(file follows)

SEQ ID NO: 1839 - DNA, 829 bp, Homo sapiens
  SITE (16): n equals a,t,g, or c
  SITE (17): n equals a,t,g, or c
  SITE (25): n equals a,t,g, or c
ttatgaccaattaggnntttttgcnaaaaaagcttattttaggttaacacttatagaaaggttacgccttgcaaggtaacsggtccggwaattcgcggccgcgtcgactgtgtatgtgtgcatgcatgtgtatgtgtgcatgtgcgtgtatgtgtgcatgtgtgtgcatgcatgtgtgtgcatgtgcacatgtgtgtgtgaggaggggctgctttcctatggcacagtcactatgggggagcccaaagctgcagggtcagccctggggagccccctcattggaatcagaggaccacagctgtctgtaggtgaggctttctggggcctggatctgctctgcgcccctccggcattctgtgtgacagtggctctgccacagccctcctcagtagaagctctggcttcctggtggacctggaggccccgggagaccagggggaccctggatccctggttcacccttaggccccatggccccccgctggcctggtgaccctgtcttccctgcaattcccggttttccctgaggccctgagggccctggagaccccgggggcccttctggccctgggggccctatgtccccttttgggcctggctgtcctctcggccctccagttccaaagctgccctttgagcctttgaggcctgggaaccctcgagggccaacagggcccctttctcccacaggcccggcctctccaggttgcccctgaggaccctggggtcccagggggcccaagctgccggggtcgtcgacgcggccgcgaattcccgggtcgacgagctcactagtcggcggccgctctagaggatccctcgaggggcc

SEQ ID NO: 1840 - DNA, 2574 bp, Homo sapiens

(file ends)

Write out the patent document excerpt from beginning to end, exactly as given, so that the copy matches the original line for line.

SEQ ID NO: 1839 - DNA, 829 bp, Homo sapiens
  SITE (16): n equals a,t,g, or c
  SITE (17): n equals a,t,g, or c
  SITE (25): n equals a,t,g, or c
ttatgaccaattaggnntttttgcnaaaaaagcttattttaggttaacacttatagaaaggttacgccttgcaaggtaacsggtccggwaattcgcggccgcgtcgactgtgtatgtgtgcatgcatgtgtatgtgtgcatgtgcgtgtatgtgtgcatgtgtgtgcatgcatgtgtgtgcatgtgcacatgtgtgtgtgaggaggggctgctttcctatggcacagtcactatgggggagcccaaagctgcagggtcagccctggggagccccctcattggaatcagaggaccacagctgtctgtaggtgaggctttctggggcctggatctgctctgcgcccctccggcattctgtgtgacagtggctctgccacagccctcctcagtagaagctctggcttcctggtggacctggaggccccgggagaccagggggaccctggatccctggttcacccttaggccccatggccccccgctggcctggtgaccctgtcttccctgcaattcccggttttccctgaggccctgagggccctggagaccccgggggcccttctggccctgggggccctatgtccccttttgggcctggctgtcctctcggccctccagttccaaagctgccctttgagcctttgaggcctgggaaccctcgagggccaacagggcccctttctcccacaggcccggcctctccaggttgcccctgaggaccctggggtcccagggggcccaagctgccggggtcgtcgacgcggccgcgaattcccgggtcgacgagctcactagtcggcggccgctctagaggatccctcgaggggcc

SEQ ID NO: 1840 - DNA, 2574 bp, Homo sapiens